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Is Alcoholics Anonymous a Religious Organization?: Meditations on Marginality
David R. Rudy and Arthur L. Greil
Vol. 50, No. 1 (Spring, 1989), pp. 41-51
Published by: Oxford University Press
Stable URL: http://www.jstor.org/stable/3710917
Page Count: 11
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Analogies between the structure, activities, dynamics, and ideology of A.A. and those of religious organizations are apparent, but A.A. literature and A.A. members deny that A.A. is a religious organization. Based on a review of A.A. literature on A.A. and on participant observation research, we argue that both the religious features of A.A. and the denial of A.A.'s religious nature are integral to the structure and functioning of the organization. Claims that A.A. is a religion are based on the fact that it has historical roots in the Oxford movement, on the fact that it plays a meaning-providing role for its members, and on the fact that many A.A. members accept the existence of a "Higher Power." While A.A. denies it is a religion in order to realize better its therapeutic goals, its statement that it is "spiritual" but not "religious" is ambiguous. We argue that, as an identity change organization (ITO), A.A. encapsulates its members and creates an atmosphere in which members are likely to experience a sense of "institutionalized awe" for the power of the group. A.A. is properly classified as a quasi-religion in so far as a tension between sacred and secular is crucial to its functioning.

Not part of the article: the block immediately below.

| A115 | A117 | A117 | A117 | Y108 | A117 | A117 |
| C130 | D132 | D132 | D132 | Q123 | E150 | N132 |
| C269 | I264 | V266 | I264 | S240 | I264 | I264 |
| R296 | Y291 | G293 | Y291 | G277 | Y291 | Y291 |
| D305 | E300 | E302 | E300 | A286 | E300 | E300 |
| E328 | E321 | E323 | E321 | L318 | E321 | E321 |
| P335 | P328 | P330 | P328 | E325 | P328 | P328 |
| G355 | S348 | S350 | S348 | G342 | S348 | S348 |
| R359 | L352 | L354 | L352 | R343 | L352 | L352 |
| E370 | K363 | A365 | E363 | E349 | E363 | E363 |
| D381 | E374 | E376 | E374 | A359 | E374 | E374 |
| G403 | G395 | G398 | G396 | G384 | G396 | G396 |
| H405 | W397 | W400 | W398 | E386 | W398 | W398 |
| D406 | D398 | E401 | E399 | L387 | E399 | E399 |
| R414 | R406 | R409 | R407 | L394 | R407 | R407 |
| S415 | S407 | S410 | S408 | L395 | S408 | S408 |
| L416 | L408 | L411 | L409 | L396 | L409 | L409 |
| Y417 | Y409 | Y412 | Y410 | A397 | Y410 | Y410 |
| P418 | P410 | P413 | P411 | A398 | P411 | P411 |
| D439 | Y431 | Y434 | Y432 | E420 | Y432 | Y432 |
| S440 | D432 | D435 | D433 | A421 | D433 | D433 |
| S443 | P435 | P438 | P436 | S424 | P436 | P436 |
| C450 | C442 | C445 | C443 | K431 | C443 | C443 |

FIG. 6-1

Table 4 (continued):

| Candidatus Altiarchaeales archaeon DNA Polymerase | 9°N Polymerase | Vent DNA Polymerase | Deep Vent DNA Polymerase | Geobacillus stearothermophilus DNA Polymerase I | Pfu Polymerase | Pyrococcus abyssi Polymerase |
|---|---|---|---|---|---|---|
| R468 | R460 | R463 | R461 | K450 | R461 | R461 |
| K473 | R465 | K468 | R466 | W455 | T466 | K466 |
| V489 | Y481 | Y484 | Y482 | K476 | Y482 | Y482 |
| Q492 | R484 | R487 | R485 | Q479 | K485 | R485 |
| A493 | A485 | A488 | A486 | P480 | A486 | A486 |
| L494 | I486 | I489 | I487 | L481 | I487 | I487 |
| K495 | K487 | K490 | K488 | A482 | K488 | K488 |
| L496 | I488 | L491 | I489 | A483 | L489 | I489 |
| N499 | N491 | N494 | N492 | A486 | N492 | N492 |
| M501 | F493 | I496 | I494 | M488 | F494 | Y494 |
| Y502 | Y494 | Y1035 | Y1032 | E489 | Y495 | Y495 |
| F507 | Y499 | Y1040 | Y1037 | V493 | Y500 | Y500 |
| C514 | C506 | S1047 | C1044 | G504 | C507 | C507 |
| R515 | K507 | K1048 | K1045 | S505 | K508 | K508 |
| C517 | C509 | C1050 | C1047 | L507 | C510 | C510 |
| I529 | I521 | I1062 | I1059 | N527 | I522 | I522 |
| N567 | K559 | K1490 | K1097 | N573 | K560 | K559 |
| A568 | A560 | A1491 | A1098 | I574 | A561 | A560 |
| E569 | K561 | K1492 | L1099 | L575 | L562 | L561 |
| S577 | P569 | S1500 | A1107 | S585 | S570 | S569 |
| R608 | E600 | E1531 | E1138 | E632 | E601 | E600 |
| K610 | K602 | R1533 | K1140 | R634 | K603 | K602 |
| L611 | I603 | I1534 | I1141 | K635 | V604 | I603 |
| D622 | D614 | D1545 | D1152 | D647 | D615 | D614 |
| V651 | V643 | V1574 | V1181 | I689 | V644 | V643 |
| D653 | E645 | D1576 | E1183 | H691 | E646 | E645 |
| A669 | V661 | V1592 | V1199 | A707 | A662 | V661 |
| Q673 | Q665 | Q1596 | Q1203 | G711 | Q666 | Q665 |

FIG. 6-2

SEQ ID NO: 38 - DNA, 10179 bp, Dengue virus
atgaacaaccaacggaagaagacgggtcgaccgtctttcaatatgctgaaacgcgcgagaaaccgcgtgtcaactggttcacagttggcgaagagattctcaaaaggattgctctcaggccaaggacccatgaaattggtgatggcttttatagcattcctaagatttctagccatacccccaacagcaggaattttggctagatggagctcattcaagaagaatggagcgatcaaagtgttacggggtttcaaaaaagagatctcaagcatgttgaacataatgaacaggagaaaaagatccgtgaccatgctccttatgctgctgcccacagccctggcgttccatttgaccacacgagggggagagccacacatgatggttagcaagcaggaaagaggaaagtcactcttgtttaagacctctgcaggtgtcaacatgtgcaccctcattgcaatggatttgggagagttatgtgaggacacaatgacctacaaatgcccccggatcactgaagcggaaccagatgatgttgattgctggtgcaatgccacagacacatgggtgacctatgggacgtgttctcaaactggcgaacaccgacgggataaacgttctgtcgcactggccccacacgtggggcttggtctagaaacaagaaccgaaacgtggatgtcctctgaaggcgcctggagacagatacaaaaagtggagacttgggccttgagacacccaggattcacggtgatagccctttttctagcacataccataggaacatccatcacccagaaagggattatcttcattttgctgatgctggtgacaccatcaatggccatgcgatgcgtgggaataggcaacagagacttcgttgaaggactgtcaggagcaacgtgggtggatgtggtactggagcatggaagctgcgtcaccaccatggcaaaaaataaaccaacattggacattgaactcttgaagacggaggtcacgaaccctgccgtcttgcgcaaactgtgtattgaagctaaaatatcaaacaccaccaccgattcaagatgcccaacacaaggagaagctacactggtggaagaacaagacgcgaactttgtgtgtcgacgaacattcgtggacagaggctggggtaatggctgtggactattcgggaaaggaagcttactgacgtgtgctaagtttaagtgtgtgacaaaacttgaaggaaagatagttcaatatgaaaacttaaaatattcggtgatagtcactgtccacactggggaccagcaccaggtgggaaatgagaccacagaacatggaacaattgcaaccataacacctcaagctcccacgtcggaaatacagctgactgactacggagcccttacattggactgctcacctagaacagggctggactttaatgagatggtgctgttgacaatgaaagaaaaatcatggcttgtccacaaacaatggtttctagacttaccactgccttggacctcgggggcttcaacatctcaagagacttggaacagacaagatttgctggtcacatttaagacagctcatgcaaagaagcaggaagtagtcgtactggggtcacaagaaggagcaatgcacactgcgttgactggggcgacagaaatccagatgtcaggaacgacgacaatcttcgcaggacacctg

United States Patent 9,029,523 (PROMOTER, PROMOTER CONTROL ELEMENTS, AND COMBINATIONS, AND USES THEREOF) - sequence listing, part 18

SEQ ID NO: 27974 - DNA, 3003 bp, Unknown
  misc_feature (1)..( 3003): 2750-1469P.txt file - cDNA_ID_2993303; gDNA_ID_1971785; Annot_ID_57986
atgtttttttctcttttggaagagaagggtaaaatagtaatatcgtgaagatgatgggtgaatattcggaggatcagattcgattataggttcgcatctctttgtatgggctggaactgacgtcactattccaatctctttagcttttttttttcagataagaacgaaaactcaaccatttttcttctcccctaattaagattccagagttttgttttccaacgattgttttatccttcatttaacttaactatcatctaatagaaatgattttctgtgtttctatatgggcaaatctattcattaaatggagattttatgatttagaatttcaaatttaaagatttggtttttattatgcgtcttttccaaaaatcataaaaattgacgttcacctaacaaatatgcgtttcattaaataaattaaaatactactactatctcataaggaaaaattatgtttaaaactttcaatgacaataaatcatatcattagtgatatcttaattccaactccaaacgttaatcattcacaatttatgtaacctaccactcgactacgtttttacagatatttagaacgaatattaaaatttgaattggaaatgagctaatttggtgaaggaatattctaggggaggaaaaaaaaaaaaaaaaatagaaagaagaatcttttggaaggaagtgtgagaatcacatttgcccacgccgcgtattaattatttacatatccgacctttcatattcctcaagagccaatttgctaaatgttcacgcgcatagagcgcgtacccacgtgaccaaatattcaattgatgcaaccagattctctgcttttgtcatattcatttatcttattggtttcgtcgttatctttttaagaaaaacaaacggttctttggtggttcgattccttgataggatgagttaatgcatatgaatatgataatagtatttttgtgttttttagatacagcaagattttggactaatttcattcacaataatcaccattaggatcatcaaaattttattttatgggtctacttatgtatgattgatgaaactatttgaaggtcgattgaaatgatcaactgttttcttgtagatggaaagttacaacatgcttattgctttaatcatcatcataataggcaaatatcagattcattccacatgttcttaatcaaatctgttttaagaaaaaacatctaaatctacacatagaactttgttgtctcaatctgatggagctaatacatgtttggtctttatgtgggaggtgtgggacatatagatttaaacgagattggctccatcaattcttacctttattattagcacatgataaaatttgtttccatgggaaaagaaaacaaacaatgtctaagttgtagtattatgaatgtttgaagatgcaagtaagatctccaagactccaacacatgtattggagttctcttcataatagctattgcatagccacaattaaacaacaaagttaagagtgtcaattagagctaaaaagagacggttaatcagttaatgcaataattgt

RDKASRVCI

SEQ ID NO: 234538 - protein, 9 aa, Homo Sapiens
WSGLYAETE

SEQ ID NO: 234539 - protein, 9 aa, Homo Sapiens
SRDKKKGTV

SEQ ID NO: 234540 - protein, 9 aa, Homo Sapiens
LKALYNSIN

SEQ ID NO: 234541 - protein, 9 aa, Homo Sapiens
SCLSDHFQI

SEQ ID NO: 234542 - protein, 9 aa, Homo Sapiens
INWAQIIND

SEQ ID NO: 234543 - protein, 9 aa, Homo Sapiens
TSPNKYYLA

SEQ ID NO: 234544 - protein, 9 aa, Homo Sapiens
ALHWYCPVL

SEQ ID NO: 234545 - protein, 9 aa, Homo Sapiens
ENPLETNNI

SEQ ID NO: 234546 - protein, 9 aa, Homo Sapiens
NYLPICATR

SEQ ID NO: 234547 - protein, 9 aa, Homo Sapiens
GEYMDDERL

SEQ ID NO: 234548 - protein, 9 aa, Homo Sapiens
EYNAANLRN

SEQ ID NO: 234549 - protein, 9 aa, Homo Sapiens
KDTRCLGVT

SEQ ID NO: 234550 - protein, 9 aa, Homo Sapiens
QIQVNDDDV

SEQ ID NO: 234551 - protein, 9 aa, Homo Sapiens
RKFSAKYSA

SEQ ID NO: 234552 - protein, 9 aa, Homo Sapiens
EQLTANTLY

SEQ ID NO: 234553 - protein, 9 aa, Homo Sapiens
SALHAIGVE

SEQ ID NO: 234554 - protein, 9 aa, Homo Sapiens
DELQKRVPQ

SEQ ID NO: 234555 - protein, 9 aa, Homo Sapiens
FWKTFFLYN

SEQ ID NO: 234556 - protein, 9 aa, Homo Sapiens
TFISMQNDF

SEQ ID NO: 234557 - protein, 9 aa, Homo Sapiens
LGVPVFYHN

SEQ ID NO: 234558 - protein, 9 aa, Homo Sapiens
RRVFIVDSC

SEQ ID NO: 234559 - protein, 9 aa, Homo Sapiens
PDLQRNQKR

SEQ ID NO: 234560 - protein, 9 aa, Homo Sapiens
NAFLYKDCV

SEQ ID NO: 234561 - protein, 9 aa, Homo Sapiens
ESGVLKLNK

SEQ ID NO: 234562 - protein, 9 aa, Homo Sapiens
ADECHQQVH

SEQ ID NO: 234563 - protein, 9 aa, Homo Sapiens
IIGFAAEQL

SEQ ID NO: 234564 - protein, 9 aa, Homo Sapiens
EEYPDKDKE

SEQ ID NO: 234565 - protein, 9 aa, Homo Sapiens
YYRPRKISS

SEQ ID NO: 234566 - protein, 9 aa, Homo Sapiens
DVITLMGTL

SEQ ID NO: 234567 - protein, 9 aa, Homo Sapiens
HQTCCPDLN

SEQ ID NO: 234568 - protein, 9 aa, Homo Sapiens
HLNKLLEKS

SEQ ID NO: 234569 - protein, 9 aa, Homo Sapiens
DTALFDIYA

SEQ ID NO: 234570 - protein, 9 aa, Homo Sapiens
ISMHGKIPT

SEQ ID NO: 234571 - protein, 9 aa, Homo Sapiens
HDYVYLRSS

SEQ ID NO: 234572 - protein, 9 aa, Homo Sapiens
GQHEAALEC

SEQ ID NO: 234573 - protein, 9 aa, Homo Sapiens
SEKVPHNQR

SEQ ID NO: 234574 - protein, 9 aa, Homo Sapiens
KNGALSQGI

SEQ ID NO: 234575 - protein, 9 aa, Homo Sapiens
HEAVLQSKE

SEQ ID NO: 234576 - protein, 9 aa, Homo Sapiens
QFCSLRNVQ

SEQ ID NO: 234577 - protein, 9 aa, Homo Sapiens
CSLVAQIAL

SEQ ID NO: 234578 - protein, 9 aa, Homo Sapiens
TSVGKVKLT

Sociological Analysis © 1989 Association for the Sociology of Religion, Inc.